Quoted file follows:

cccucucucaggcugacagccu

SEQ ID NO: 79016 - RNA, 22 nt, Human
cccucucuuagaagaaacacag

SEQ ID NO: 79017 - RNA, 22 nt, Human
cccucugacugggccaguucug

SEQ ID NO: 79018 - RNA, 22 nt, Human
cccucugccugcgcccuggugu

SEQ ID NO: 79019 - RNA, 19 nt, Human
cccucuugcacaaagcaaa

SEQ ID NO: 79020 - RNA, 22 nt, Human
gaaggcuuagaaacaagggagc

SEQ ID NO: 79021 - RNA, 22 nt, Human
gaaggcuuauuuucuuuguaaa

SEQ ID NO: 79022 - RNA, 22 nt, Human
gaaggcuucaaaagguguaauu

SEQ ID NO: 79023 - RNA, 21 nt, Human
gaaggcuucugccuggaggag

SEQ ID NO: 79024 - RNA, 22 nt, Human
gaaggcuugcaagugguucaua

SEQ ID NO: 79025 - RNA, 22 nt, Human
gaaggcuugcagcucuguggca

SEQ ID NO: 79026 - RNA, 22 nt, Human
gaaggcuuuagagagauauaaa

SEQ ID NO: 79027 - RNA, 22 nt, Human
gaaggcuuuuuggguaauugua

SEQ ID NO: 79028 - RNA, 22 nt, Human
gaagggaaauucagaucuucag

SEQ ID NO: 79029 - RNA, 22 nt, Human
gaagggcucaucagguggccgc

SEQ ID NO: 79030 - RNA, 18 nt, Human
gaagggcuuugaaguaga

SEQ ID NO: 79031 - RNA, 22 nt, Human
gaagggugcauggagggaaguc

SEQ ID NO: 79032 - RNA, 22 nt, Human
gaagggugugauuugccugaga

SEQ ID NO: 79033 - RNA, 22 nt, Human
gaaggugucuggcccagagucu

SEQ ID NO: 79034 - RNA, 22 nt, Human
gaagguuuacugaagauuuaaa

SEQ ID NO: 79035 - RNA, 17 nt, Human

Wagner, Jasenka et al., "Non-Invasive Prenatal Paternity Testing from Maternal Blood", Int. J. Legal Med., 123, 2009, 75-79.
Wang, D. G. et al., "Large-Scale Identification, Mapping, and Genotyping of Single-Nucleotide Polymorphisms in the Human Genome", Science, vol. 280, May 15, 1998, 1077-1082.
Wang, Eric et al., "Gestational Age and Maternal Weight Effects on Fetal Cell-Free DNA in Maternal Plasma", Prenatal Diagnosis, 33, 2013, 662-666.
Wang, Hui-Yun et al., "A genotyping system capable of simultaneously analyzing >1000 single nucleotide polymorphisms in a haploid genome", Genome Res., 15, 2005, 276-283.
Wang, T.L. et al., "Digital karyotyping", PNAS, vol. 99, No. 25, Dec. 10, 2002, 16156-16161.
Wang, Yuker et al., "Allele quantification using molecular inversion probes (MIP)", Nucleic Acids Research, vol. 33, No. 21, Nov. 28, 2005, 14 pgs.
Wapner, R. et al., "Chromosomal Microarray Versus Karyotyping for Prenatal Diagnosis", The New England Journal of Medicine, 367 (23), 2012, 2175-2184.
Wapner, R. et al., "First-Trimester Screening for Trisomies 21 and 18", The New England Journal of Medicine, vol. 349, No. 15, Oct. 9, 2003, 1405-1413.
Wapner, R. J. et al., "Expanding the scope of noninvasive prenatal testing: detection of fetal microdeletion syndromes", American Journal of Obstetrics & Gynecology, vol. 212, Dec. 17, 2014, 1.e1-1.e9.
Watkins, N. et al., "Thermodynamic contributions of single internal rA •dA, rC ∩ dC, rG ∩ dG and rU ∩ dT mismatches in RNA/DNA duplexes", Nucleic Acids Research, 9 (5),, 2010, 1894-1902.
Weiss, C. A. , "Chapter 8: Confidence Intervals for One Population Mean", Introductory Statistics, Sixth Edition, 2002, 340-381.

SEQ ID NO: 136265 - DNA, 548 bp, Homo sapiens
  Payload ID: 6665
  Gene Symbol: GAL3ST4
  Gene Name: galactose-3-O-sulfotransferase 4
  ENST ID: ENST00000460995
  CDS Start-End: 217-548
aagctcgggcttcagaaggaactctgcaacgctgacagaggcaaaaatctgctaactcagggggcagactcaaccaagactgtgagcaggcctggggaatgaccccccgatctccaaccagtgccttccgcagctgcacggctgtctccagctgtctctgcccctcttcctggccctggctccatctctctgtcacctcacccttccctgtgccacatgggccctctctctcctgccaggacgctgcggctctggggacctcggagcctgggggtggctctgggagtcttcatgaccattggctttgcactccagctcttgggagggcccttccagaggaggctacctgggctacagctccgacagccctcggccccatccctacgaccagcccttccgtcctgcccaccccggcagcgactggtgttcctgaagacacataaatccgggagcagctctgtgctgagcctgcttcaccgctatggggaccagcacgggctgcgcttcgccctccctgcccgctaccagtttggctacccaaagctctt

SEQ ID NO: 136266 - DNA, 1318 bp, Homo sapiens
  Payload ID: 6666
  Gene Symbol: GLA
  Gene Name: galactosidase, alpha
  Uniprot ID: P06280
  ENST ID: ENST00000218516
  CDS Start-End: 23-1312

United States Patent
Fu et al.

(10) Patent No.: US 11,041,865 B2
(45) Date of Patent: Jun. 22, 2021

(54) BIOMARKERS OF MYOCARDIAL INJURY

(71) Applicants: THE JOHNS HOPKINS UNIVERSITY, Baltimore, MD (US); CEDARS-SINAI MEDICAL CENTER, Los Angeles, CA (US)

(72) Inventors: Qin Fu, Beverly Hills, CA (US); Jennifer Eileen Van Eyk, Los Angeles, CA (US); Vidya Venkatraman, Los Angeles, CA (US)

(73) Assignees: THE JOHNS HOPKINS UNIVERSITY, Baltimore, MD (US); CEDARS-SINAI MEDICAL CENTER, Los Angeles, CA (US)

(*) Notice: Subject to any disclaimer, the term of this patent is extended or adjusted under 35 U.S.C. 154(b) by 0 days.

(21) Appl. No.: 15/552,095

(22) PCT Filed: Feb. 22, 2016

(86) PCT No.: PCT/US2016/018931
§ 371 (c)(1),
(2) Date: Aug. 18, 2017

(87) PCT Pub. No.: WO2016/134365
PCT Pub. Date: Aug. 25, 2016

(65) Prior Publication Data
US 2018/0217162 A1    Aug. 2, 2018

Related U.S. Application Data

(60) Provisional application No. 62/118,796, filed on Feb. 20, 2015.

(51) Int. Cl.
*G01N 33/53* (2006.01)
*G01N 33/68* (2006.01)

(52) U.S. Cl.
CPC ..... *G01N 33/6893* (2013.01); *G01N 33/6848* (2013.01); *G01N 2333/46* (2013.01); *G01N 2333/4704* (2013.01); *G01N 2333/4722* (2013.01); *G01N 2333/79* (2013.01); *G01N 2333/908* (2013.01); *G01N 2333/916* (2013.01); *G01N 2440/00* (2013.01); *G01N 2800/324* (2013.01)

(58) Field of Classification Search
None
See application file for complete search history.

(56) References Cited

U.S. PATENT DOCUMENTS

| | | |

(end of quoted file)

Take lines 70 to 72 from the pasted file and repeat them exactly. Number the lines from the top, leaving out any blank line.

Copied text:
(54) BIOMARKERS OF MYOCARDIAL INJURY

(71) Applicants: THE JOHNS HOPKINS UNIVERSITY, Baltimore, MD (US); CEDARS-SINAI MEDICAL CENTER, Los Angeles, CA (US)

(72) Inventors: Qin Fu, Beverly Hills, CA (US); Jennifer Eileen Van Eyk, Los Angeles, CA (US); Vidya Venkatraman, Los Angeles, CA (US)